From promoting the use of natural light in our libraries, to using energy-saving lights and water-saving faucets, to banning disposable cups in our offices, we at the British Council are constantly taking steps to minimise our environmental impact. But the fact that conversations about climate change only gain momentum around the World Environment Day probably indicates the issue deserves much more attention than it usually gets.
All this month, our Instagram account will be dedicated to sharing tips about minimising your carbon footprint. To start with, we asked our Instagram community to name one thing they would ban to save the environment, and out of the hundreds of responses, we bring you four things that topped the list, and what steps you can take to do your bit:
- Plastics – Plastics are bad. And single-use plastics are even worse. Asking for a disposable cup or a straw for ‘hygiene reasons’ is legit, but if you simply start carrying your own reusable bottle or straws, you’d be doing mother earth a huge favour. Also, did we tell you almost no plastic bottles get recycled into new bottles? And that plastic bags in landfills take a thousand years to decompose?
- Fast fashion – Believe it or not, but fast fashion is a major contributor to all kinds of pollution – soil, air, water, you name it! More often than not, cheap trendy clothes have a dark side of labour rights and safety violations, toxic dyes, and what not. So what should you do? As British designer Vivienne Westwood says, “buy less, choose well, make it last.”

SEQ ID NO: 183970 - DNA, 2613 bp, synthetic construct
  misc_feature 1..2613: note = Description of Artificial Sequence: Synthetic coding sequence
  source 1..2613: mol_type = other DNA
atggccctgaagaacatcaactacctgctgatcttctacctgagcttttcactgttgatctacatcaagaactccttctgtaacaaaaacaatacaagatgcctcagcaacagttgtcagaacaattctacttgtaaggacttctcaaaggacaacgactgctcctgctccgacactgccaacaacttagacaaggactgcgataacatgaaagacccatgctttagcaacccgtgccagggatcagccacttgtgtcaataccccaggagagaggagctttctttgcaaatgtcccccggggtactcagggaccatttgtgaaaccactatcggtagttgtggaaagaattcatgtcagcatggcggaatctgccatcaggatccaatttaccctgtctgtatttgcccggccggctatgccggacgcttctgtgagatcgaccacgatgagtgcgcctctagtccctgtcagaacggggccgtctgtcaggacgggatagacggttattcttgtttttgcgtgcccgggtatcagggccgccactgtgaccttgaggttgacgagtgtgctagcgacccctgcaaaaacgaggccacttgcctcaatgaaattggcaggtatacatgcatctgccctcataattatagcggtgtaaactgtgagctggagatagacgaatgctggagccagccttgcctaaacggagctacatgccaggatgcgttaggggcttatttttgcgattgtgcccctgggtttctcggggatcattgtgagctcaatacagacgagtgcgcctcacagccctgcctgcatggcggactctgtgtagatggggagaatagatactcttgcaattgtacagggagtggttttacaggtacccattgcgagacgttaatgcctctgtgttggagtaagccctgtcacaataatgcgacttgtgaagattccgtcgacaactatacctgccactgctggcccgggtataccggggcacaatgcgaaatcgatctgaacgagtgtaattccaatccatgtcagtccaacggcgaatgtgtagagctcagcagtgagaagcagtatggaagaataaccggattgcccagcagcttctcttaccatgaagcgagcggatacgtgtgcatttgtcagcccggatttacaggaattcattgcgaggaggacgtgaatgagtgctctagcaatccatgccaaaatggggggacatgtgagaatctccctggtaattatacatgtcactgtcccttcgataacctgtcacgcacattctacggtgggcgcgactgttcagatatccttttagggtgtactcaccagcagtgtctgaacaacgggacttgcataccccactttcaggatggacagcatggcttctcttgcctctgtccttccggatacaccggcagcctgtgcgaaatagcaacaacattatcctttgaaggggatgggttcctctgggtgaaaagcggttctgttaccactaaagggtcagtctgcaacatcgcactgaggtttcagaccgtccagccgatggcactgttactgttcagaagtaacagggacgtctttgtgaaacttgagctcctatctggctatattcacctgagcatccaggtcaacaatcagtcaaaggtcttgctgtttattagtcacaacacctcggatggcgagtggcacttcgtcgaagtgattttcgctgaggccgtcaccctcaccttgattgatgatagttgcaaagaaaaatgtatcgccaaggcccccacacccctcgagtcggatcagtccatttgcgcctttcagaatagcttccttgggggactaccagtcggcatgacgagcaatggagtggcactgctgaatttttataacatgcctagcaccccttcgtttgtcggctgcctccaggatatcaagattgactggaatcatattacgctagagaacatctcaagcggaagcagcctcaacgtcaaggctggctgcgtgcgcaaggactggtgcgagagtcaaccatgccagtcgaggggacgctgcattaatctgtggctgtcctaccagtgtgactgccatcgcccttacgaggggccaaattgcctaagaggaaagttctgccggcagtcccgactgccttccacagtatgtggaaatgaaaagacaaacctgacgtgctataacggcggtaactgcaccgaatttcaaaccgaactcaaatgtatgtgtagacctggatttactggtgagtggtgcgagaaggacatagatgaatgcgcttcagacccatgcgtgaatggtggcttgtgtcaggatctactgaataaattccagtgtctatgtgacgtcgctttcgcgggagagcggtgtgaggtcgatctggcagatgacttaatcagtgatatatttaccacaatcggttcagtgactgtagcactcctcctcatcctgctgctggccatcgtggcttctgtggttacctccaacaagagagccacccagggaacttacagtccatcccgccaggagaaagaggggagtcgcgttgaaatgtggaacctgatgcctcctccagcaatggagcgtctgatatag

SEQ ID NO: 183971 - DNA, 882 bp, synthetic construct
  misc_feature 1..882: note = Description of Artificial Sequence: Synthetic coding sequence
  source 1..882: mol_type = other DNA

Pro tip: Follow @fash_rev or @fashionrevolutionindia on Instagram to stay updated with the latest in sustainable fashion.
- Deforestation – No you’re not cutting down any trees yourself, but every time you pull a big stack of paper towels to wipe something, or print one-sided sheets of paper, you’re causing unintentional harm to the forests. The simplest thing to do is to try and go paperless as much as you can. It’s also a good idea to switch to toilet paper made from recycled pulp instead of virgin pulp, use reusable cotton towels wherever possible, and avoid products that contain palm oil.
- Wasteful use of resources – As an individual, you can always save resources through simple acts like carpooling, using LED bulbs, avoiding water wastage and so on. But more importantly, be mindful of what you spend your money on, because your choices as a consumer have a huge impact on corporations and their practices. As an example, we bet you did not know that a number of makeup companies use illegally mined mica involving child labour (look up 'Refinery29 mica' for the full story).
Conscious consumerism starts with doing your own research to make sure you're not promoting any practices that are harmful for the environment. And of course, share your knowledge and findings with others so that more people can become responsible consumers.
Fun fact: a large number of respondents said they'd ban humans to save the environment! Well, if you believe this recent study that says 90% of humans will perish in the next 31 years, this is definitely one thing which may not need our attention.